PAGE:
I am a believer in technology. My first job with TIME was to put in place new communication systems and convince the relevant foreign correspondents to be loyal to them. Alexa and Google Home have colonized my apartment. And not only did I give my DNA to 23rd Mother, but I also answer their questions below to find out if I like olives or become car victims so they can map those genes. (Of course, I also want to donate my body to research after I’m done with it – and if there was a way to send me a report back on what they found, I would ask.)
So you can imagine how excited I was when Fitbit and other portable health trackers, including Amazon Hello and u Apple Watch, has begun to come up with ways to show us data on our stress levels. There is a group of new devices that monitor not only our heart rate, daily steps, and the amount of our sleep, but the quality of our sleep per hour, skin temperature, and fluctuations in our saturation. of oxygen in the blood. Many of these biomarkers refer to our mental well-being and physical health, and there is a new wearable technology that captures our emotions.
But even data geeks like me realize that there are crucial questions to know if technology is a solution or part of the problem when it comes to stress management. It’s fair to wonder if the act itself is check constantly personal health statistics on our phones are antithetical to the type of attention and meditation practices that relieve stress. And then there are all the relevant issues around data privacy.
So, when annual global spending on portable technology grows to more than $ 80 billion a year and stress and anxiety rates rise simultaneously, we ask ourselves: is a quantified self a happier self?
I spoke with an attention expert Deepak Chopra, MD, is CEO of Fitbit James Park look up some of these questions. They recently partnered in a series called “Mindful method“, An expansion of Fitbit PremiumHealth track and content offerings. It includes short video meditations led by Dr. Chopra on cultivating the mind-body connection, achieving better sleep, mental well-being, and my favorite, “reset your bad mood”. This collection is associated with new Fitbit technology which detects electrodermal activity responses (EDA)–Small electrical changes on your skin that may indicate a stress response.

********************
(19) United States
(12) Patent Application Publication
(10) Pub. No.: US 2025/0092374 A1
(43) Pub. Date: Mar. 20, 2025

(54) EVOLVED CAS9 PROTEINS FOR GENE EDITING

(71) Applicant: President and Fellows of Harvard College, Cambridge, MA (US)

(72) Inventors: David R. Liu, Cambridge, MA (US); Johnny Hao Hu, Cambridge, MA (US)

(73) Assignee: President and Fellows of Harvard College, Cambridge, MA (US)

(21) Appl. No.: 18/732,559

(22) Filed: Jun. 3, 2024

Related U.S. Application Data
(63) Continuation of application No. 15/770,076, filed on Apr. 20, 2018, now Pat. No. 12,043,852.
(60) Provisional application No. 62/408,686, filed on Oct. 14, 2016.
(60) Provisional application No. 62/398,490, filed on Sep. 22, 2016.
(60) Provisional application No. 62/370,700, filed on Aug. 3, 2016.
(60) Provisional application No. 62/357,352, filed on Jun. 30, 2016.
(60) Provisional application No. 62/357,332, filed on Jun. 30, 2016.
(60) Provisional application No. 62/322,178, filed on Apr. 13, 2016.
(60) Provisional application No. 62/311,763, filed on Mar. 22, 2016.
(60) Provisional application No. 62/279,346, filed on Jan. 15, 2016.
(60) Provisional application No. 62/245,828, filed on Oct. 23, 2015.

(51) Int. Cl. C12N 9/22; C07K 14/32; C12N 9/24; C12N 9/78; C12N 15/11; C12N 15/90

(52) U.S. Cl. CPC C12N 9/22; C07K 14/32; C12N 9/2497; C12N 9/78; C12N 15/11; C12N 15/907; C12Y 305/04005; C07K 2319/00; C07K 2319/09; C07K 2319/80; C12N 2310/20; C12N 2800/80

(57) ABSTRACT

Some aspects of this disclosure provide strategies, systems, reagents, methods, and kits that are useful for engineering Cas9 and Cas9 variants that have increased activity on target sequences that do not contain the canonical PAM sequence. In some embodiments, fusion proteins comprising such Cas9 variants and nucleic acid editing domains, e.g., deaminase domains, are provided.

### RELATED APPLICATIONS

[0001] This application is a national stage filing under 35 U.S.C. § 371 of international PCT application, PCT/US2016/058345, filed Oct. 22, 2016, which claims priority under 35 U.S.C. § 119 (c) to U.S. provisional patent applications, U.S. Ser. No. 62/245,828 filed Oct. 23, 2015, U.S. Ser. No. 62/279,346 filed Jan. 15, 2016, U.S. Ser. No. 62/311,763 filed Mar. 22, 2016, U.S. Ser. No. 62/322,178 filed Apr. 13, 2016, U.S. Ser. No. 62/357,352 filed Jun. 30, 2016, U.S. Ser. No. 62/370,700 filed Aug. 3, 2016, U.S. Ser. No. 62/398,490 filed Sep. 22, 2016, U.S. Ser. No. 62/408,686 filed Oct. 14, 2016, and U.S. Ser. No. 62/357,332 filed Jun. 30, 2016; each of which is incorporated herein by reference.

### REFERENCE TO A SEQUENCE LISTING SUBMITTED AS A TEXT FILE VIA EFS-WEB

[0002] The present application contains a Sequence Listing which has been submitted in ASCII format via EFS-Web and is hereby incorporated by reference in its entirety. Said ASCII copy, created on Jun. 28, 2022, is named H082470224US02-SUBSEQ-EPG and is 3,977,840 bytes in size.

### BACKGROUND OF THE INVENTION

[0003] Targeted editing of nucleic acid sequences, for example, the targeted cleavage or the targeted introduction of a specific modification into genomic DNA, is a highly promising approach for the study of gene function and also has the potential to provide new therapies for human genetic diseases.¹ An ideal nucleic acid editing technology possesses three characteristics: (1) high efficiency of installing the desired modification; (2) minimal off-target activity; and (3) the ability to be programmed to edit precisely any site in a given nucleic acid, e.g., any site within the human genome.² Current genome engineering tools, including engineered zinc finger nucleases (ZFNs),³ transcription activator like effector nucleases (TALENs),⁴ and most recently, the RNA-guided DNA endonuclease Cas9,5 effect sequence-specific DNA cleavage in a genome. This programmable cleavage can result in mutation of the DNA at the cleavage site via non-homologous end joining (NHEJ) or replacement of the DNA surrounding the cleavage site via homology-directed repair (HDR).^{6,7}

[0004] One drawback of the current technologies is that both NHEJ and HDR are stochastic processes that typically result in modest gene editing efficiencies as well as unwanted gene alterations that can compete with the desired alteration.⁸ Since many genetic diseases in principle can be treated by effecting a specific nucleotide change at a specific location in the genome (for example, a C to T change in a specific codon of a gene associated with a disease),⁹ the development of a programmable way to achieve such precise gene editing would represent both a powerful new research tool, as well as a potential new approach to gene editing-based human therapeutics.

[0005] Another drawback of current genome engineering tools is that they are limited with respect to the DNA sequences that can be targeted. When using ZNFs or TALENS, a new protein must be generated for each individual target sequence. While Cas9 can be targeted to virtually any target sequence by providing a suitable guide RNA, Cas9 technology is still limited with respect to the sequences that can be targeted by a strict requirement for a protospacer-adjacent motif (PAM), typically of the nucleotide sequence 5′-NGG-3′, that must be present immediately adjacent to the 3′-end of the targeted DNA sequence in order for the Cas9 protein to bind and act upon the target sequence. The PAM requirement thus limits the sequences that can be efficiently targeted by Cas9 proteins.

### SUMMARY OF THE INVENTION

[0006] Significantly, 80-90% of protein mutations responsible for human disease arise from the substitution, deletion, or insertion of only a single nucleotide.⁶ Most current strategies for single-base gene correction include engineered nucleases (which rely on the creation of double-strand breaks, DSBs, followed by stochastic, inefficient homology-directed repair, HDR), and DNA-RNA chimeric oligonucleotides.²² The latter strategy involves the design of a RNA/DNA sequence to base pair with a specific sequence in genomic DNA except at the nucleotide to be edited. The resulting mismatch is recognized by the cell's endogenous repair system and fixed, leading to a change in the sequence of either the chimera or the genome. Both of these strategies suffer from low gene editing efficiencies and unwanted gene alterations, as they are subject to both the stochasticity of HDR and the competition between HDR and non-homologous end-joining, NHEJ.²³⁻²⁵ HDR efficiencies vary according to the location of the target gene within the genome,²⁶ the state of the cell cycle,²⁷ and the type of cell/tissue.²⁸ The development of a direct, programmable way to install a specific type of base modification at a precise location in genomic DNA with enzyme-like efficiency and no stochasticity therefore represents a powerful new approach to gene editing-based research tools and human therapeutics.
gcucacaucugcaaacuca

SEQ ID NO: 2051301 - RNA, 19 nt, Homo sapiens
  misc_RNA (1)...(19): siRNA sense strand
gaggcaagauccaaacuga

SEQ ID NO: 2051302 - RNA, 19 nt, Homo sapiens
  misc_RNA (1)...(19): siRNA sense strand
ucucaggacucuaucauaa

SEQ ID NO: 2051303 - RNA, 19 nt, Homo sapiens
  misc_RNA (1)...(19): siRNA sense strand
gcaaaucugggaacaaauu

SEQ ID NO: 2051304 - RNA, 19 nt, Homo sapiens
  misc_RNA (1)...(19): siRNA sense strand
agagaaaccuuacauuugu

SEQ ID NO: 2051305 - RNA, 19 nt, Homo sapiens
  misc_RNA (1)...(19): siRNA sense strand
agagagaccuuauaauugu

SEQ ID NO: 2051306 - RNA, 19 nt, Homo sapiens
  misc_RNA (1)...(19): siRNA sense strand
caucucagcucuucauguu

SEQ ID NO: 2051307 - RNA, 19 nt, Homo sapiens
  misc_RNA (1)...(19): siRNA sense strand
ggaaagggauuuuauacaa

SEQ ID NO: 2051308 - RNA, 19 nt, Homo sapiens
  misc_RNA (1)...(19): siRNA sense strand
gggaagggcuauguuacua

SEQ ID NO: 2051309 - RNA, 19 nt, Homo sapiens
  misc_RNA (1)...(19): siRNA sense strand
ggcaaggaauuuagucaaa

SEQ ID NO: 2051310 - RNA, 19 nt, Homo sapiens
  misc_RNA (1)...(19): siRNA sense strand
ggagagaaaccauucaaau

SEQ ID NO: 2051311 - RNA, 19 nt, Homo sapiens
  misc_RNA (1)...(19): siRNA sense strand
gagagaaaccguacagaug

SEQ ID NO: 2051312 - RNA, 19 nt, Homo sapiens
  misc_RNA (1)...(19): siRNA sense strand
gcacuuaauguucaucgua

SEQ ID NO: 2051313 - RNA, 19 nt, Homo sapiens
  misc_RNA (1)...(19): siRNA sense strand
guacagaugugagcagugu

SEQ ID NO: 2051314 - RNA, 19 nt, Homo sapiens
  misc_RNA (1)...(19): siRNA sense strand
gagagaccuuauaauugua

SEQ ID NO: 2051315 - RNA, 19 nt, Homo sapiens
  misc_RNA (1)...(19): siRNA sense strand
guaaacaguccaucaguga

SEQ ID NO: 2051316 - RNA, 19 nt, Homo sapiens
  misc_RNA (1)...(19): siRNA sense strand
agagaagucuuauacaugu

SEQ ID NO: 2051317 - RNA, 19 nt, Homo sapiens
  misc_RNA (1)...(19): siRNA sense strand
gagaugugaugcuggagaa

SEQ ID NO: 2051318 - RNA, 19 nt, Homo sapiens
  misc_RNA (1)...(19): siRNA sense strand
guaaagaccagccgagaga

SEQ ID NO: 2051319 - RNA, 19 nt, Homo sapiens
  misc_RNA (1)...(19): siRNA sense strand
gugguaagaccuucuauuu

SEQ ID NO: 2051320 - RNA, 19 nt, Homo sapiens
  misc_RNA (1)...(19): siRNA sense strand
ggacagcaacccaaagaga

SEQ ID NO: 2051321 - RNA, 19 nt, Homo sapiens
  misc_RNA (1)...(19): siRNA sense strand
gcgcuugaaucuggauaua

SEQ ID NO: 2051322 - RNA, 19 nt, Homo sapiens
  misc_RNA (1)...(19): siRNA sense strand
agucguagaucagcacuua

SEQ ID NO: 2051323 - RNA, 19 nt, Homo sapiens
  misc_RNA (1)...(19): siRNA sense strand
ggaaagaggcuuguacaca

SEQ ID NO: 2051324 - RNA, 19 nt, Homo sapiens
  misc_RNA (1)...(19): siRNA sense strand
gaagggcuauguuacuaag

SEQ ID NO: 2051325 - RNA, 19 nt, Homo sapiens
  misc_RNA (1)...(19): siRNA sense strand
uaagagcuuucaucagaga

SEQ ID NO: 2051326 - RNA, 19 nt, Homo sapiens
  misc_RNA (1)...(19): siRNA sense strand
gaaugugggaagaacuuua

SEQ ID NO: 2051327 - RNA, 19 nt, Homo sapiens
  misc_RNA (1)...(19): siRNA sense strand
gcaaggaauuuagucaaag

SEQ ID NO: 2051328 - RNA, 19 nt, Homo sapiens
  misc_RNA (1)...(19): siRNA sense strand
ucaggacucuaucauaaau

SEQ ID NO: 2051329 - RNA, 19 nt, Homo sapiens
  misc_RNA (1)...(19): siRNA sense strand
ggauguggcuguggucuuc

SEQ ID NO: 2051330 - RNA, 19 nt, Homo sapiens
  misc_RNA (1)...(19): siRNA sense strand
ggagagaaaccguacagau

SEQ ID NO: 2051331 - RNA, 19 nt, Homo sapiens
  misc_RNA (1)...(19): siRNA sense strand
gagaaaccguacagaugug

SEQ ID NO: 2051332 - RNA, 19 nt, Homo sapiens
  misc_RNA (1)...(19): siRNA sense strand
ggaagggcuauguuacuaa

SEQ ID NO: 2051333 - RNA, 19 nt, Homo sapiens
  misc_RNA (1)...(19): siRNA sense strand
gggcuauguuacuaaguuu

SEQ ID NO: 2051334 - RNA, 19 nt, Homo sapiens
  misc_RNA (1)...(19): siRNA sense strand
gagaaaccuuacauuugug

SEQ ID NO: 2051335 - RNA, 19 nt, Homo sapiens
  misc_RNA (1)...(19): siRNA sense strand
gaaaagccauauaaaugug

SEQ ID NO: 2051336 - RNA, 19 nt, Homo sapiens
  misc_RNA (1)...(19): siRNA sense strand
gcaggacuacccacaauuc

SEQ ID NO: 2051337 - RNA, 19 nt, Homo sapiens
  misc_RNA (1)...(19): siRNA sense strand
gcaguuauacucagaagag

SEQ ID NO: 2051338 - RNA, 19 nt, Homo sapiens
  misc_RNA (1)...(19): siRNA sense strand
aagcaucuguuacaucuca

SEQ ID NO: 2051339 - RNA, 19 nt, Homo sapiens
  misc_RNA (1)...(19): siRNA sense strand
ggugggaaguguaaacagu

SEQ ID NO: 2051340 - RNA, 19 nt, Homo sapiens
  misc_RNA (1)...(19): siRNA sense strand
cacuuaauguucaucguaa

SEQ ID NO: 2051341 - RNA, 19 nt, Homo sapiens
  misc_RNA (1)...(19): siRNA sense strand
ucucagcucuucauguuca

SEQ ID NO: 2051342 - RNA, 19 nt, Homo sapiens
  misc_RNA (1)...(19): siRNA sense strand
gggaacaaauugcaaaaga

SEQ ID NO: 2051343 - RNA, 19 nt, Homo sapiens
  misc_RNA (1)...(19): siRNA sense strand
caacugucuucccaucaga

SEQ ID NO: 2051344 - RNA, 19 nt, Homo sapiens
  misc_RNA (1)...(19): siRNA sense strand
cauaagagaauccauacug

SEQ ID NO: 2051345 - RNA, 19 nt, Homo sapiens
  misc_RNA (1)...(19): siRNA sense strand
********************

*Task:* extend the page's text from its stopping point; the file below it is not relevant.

Both Park and Chopra will tell you that they see technology as a neutral player, one that can be used for a better life or exploiting the weaknesses of society. Park takes the example of controversial algorithms that have favored extreme content sharing on Facebook and other social platforms, which can lead to negative behavior. Ma Park sees positive opportunities in apps that provide increasingly personalized health offerings: “What’s fascinating to me is that you can use these same tools to keep people focused and try to push them in ways that really result in truly positive behavior. . “
And on the fundamental question of whether health tracking devices are an impediment to awareness or a facilitator, Chopra is unequivocally in the latter field.
I think of technology as the evolution of human consciousness. Who created the technology? We created the technology, didn’t we? And the technology is unstoppable. So how do we use it to our advantage? says Chopra.
To that end, more portable health followers like Fitbit add mental well-being features and content. For example, these devices can help you become more aware of your emotional fluctuations by recording your moods and showing data on the biometrics of related well-being (such as the quality of your sleep, your physical activity, your heart rate). , or some of the latest wearable abilities that can recognize stress reactions in your voice or skin).